product.feature.plugins product.feature.features

We can create a launch configuration (Eclipse Application) by selecting our product, and then select only our feature org.eclipse.buckminster.examples.rcp.mail.product.feature and then press “Select Required”.

mail-product-launch1 mail-product-launch2

The mail application should like this (note the Preferences menu and the Update functionalities)


In org.eclipse.buckminster.examples.rcp.mail.product.feature we also add a touchpoint advice file p2.inf (See the online help for more details) to configure the repositories (update sites) that should initially be present in the application:

We add the Juno release repository, the Orbit repository (not required, but just as a demonstration), and the repository on Sourceforge, where we deploy our p2 repository for our application (see the next section).

This file will be used during product build (see later).

Build a p2 Repository for our application

To build an update site (in the new terminology, “p2 repository”) for our product feature, we create a new feature project, org.eclipse.buckminster.examples.rcp.mail.product.site, and in the feature.xml we include our product feature (org.eclipse.buckminster.examples.rcp.mail.product.feature); we also create org.eclipse.buckminster.examples.rcp.mail.optional.feature (which includes org.eclipse.buckminster.examples.rcp.mail.optional.bundle) and we also include this feature in product.site; this way, once the repository is deployed, the optional functionalities can be installed in an existing mail application.

Since we’d like to have a category for our features, we add a category.xml file like the following one:

Remember: when building the site.p2 on a feature project with Buckminster, you will build a p2 repository NOT for the very feature, but for the included features.

Before creating the repository we use a properties file like the following to specify additional parameters for the repository creation:

these properties specify:

  • the output directory
  • how the .qualifier in bundles and features version is replaced (in this example we replace it with a timestamp of the latest changed resource, with some formatting)
  • by default, Buckminster will generate also source features and source bundles when creating the p2 repository, but for a product it might not make sense to make sources installable, thus we disable the generation of sources
  • we create a repository for all supported architectures and operating systems

We can now run on this project the site.p2 Buckminster action: right click on the feature project => Buckminster => Invoke Action…, select the properties file above and select site.p2.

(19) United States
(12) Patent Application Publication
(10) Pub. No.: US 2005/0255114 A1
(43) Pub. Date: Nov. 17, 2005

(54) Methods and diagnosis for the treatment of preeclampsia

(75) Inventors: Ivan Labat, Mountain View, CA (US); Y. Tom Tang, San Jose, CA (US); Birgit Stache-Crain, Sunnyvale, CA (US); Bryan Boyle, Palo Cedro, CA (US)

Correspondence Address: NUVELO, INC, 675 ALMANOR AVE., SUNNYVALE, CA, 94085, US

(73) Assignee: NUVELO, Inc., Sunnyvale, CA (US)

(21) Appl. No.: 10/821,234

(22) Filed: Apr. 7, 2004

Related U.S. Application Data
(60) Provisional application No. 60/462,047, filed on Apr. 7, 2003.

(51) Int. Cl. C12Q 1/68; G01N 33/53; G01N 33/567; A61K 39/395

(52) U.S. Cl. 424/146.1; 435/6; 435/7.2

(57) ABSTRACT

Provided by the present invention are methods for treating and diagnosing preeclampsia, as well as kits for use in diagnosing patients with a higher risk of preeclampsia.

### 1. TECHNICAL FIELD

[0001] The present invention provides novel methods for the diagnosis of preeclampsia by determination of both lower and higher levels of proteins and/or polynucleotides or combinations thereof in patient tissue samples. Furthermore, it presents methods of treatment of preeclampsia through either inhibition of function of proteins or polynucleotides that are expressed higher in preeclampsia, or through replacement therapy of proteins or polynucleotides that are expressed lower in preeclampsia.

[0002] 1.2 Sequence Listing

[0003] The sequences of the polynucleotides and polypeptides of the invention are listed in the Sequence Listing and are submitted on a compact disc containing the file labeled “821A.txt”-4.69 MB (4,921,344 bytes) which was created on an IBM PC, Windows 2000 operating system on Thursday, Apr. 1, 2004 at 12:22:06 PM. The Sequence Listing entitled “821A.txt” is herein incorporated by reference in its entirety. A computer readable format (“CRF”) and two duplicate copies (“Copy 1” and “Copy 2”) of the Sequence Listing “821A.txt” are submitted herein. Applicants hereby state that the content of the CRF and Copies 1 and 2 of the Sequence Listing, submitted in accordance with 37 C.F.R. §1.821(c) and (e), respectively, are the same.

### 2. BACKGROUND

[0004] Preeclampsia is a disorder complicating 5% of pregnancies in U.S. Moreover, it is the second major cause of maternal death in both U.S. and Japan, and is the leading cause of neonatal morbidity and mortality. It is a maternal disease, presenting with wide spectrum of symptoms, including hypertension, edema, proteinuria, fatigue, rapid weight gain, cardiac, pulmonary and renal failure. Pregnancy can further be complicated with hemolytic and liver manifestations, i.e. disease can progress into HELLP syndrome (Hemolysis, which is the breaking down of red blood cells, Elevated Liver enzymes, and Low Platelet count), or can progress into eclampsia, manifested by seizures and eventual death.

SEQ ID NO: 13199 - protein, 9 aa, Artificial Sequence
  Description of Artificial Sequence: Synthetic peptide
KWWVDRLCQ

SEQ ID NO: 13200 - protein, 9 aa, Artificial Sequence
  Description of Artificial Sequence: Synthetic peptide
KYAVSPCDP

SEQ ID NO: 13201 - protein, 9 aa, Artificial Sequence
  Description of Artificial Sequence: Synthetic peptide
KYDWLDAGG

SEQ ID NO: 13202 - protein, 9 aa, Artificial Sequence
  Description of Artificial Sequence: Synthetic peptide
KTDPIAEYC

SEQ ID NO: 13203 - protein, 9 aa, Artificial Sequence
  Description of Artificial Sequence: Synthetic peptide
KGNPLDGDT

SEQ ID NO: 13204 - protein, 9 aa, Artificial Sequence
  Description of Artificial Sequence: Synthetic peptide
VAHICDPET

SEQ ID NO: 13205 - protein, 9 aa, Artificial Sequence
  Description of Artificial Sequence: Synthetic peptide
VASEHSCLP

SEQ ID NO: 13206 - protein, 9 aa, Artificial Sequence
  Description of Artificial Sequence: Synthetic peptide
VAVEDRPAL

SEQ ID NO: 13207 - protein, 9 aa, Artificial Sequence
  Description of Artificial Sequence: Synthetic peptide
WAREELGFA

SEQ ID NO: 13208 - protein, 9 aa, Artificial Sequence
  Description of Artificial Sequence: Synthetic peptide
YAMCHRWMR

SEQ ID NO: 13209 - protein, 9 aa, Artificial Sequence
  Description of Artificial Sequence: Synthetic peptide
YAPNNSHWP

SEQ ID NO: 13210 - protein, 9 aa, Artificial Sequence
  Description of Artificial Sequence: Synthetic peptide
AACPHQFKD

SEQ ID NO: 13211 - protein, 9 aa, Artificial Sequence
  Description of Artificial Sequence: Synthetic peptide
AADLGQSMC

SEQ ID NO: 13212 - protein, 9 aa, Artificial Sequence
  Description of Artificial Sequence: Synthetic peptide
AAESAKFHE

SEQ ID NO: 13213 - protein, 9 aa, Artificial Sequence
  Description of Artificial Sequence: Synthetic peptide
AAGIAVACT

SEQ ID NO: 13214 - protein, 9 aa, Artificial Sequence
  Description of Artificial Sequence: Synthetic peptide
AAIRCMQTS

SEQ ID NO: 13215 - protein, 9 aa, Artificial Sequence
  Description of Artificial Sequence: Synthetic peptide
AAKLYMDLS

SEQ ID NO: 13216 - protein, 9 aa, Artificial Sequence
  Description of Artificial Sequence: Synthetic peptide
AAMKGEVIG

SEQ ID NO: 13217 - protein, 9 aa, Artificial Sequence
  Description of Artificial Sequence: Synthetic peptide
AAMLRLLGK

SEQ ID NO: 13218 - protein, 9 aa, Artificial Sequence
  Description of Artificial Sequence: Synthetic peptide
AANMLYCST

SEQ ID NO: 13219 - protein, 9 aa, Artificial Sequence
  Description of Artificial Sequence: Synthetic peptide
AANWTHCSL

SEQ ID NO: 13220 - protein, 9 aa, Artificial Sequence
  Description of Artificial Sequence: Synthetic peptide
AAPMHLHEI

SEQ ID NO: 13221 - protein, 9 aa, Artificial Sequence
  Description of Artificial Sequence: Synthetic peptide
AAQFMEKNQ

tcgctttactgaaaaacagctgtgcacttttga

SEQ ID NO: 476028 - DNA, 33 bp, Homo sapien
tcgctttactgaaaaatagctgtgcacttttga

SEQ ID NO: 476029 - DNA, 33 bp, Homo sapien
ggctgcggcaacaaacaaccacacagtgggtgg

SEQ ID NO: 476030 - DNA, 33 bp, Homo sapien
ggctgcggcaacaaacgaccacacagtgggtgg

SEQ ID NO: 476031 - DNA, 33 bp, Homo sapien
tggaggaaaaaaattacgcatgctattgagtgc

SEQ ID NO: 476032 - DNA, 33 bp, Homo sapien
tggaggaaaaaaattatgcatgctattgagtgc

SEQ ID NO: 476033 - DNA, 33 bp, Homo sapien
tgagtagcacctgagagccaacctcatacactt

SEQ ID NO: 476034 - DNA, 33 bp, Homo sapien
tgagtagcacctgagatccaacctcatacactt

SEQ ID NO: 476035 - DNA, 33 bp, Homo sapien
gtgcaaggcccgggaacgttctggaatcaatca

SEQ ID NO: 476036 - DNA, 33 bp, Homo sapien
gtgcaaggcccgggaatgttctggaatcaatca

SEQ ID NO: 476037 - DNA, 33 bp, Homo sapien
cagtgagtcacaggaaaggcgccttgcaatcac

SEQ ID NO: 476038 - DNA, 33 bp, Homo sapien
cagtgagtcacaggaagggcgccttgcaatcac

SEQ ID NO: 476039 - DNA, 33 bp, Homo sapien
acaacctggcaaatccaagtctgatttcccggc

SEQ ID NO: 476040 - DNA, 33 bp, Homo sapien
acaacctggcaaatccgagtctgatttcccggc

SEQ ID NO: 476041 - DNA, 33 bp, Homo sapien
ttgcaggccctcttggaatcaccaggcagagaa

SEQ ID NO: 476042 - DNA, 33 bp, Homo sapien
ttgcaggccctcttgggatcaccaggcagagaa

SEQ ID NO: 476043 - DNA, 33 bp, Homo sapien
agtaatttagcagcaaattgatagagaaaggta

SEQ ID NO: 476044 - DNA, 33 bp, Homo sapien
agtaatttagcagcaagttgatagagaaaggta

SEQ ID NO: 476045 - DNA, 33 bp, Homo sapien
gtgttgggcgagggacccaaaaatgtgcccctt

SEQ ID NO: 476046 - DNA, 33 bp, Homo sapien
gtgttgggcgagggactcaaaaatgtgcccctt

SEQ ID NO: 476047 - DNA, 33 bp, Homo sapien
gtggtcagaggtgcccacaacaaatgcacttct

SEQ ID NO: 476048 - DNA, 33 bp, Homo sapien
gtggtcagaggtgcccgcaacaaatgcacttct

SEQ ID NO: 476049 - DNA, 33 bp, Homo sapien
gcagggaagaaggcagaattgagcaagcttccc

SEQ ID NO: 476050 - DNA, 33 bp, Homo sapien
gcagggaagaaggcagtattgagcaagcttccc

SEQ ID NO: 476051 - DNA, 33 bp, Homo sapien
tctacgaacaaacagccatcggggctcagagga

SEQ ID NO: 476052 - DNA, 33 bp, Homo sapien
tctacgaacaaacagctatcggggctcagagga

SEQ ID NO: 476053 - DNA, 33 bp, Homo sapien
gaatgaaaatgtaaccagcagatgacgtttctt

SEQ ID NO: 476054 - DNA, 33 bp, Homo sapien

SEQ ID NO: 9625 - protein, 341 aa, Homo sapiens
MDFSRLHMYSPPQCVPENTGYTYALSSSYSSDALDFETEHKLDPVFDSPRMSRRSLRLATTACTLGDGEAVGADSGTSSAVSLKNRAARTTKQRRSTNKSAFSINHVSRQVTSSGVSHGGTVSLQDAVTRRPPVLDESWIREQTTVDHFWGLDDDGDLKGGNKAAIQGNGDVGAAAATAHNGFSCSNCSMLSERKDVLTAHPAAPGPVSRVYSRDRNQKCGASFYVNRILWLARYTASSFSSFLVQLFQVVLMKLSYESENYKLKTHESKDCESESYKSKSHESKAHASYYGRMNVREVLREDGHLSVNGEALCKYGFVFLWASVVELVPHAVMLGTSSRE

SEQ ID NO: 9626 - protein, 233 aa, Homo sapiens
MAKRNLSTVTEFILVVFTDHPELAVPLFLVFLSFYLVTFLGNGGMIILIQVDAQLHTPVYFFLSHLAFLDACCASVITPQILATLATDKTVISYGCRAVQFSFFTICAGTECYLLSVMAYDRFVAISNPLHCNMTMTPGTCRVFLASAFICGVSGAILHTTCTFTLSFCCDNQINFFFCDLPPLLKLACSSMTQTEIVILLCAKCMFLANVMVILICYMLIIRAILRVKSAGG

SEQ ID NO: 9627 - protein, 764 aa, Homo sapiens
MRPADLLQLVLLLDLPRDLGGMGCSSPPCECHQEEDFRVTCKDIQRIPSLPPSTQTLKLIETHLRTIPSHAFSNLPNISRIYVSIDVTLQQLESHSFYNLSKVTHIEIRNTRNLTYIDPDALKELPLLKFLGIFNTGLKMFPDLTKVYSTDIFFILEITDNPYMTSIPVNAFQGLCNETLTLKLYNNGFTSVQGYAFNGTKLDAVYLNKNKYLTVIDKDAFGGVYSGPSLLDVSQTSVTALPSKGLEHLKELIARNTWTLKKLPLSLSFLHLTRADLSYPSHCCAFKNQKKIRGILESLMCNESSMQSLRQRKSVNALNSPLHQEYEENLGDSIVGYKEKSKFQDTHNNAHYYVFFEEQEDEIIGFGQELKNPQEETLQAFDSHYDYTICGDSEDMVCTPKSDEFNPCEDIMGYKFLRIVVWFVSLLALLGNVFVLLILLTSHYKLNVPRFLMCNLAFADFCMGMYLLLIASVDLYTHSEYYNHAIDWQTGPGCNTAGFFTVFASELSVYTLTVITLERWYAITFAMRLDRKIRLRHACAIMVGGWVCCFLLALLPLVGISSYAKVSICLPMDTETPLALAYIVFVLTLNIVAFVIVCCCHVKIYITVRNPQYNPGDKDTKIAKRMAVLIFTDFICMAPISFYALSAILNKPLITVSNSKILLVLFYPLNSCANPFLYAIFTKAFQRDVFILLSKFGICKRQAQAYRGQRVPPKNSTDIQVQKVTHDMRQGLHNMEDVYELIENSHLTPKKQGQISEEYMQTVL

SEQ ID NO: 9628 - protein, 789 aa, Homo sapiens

The p2 repository will be generated (if you used the above properties file) into <your home>/tmp/mail/buckminster.output/org.eclipse.buckminster.examples.rcp.mail.product.site_1.0.0-eclipse.feature/site.p2 ; you can test your newly created repository by using the Install New Software dialog in a running Eclipse, specifying the complete local path of the created site.p2


The generated repository can then deployed to a remote site (in our example we deploy it to Sourceforge where we host also this tutorial code: http://master.dl.sourceforge.net/project/buckyexamples/bucky-mail-rcp/updates (if you want to browse it, use http://sourceforge.net/projects/buckyexamples/files/bucky-mail-rcp/updates/).

Building the product

Buckminster does not provide direct means to build a product, since it relies on the standard Eclipse org.eclipse.equinox.p2.director application, you just need to set up a few more files, with pretty standard contents.

Small digression about the p2 director

I think it might be worthwhile to know a few basic things about how the Eclipse p2 director application works to understand what follows (you can also using it for doing cool things like installing features into your eclipse installations from the command line).

If you provide the director application with

  • a repository (or a list of repositories separated by commas),
  • the ID of an installable unit,
  • a profile,
  • the architecture details
  • and a destination folder,

the director will create/install (provision) in that destination folder the requested product.

For instance, try to run the following command, replacing the path of your eclipse executable (in Windows you should use the command line version, eclipsec.exe), the destination path and the architecture details for your system